Dec. 17, 2014
Julius Melnitzer, Financial Post, National Post
The pro bono efforts of Mary Paterson, a lawyer in Osler, Hoskin & Harcourt’s Toronto office, have been instrumental in making Crown disclosure a reality for self-represented litigants in Ontario’s traffic court.
“We challenged the Crown’s approach to disclosure of evidence in Provincial Offences Act matters – and 1.6 million charges are laid under that Act each year,” Paterson said. “Now the Crown will advise self-represented defendants of their right to request disclosure before trial.”
In a recent case before the Ontario Court of Appeal, Paterson raised the issue squarely: whether and when is the Crown obliged to tell self-represented litigants in traffic court that they can request disclosure of the evidence against them?
Paterson and her colleague Michael Milne served a notice of constitutional question that, among other things, raised the disclosure issues. That brought in the Attorney General, who took no position on the merits of the appeal but confined herself to the constitutional issues.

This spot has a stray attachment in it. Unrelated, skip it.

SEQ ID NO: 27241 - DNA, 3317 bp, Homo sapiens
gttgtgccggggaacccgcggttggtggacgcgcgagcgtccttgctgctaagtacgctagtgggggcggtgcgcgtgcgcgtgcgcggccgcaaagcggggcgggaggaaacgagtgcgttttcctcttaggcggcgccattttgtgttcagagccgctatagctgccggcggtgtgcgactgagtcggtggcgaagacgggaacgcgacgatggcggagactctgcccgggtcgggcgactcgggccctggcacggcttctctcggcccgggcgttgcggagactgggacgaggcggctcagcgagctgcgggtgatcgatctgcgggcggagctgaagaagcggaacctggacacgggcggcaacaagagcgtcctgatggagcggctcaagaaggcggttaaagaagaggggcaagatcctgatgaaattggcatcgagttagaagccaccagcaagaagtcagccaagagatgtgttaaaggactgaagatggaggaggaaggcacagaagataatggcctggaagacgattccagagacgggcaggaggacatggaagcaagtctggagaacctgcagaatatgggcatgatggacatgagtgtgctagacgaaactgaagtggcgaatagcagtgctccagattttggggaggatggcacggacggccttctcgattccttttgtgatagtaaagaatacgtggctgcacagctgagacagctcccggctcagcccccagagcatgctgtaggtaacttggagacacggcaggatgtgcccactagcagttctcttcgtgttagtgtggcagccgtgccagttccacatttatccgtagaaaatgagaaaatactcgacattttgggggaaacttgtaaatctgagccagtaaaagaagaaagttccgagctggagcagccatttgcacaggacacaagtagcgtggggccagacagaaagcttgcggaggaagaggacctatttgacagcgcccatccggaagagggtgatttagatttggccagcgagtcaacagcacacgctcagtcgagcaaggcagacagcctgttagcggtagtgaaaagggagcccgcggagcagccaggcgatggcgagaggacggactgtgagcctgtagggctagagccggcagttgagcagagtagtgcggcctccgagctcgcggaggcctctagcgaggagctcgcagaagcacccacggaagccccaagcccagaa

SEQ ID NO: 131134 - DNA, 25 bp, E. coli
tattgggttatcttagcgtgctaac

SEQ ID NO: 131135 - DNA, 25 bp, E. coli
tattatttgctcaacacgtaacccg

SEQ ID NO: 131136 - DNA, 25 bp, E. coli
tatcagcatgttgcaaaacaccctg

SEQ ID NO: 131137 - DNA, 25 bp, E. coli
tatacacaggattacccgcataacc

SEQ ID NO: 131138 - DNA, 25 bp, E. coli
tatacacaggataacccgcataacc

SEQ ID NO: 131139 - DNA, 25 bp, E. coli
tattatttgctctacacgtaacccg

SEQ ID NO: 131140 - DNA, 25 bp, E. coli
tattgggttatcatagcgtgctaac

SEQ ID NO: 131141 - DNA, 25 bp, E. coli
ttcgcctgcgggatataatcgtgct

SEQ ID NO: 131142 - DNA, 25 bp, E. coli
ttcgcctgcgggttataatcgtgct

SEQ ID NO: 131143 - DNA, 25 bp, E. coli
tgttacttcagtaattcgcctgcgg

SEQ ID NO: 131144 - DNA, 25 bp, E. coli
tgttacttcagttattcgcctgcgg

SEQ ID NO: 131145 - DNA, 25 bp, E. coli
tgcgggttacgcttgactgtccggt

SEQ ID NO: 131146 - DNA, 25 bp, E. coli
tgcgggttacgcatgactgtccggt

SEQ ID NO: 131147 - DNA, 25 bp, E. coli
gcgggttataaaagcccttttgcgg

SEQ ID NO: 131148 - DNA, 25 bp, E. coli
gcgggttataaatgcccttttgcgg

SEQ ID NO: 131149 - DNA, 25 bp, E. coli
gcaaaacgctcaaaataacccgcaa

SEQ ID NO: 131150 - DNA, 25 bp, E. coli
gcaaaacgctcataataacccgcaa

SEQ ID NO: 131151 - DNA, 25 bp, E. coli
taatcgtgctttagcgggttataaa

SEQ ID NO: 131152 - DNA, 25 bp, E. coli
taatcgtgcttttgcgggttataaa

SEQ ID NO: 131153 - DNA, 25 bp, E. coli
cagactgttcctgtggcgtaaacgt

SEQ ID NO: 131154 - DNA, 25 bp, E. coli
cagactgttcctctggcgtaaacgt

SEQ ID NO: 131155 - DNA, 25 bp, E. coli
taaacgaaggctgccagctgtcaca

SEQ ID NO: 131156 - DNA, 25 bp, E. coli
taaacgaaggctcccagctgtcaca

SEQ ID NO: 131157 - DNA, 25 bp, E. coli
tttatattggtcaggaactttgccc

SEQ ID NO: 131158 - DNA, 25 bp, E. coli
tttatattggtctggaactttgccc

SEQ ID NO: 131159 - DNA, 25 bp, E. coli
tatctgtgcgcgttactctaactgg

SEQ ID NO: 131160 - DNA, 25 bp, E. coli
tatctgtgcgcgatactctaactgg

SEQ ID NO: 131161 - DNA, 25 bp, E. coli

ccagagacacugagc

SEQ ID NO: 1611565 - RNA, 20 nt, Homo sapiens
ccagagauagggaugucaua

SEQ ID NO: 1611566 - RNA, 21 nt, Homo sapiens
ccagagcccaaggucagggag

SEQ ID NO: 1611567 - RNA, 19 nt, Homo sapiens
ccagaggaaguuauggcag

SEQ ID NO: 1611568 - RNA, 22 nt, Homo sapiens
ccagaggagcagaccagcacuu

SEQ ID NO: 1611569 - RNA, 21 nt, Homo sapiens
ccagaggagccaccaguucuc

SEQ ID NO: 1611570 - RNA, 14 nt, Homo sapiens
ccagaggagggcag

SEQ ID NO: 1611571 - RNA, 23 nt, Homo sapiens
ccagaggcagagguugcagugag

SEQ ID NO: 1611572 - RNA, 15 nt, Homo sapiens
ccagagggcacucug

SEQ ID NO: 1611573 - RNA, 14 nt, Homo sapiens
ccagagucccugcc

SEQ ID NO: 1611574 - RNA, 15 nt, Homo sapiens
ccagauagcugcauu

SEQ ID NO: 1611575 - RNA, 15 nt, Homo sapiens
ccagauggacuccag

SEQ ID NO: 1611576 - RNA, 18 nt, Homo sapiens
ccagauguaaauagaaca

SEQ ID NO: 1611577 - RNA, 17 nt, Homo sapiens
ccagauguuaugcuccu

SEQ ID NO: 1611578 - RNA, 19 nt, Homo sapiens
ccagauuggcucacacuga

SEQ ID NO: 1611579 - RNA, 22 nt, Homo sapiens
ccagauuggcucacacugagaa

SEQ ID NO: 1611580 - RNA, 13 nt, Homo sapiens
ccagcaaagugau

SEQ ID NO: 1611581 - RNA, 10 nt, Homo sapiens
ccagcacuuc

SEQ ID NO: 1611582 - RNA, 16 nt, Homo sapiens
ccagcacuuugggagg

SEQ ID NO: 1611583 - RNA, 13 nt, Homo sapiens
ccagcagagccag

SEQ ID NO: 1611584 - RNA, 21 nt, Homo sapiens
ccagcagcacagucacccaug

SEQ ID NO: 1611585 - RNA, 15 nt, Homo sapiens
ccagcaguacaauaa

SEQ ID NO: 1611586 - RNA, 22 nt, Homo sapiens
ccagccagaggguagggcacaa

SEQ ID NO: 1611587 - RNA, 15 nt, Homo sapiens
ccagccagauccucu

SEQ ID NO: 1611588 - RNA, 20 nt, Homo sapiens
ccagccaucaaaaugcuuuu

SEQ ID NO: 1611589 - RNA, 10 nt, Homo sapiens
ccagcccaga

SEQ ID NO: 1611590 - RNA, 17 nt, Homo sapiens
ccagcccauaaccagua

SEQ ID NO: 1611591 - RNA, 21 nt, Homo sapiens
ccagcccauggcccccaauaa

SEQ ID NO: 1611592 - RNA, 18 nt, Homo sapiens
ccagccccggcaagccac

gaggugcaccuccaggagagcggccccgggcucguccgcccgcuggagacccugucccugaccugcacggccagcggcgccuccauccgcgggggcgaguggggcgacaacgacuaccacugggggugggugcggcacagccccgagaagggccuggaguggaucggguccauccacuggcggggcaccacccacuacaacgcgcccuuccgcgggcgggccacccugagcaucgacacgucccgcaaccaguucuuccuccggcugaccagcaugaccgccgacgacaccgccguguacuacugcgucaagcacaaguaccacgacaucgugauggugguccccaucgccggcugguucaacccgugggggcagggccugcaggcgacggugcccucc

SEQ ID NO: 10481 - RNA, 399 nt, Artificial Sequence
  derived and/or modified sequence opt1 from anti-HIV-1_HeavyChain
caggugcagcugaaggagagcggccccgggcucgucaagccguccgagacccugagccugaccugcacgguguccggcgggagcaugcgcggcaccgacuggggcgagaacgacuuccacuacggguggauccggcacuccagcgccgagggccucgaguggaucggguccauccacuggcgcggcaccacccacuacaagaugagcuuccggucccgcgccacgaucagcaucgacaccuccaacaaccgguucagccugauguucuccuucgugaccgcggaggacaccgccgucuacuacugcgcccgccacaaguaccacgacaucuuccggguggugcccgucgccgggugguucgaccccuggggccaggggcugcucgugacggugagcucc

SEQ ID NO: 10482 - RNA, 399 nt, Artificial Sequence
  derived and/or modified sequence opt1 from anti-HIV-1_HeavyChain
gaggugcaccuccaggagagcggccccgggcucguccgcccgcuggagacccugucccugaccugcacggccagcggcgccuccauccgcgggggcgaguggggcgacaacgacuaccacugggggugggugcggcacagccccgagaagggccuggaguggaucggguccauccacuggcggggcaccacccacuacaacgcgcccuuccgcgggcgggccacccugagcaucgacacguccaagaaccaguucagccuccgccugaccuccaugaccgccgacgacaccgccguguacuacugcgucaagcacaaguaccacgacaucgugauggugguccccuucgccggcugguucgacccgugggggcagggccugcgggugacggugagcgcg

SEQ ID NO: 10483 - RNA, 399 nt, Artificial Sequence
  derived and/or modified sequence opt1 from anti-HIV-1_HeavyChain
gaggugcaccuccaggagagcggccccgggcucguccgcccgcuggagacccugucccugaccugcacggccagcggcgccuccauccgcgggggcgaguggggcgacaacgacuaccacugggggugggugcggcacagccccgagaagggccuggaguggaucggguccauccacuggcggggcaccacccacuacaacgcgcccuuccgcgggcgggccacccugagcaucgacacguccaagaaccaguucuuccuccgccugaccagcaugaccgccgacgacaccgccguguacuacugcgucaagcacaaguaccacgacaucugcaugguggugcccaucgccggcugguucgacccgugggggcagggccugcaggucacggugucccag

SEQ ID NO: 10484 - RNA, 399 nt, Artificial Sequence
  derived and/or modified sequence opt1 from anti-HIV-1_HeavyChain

Before Paterson’s involvement, the Crown did not advise self-represented litigants of their right to disclosure. After Paterson filed her factum, the Attorney General changed its practice to provide notice of the right to request disclosure on the Notice of Trial form that litigants receive if they decide to contest their ticket at trial. In fact, the AG subsequently changed the form twice to make it more clear.
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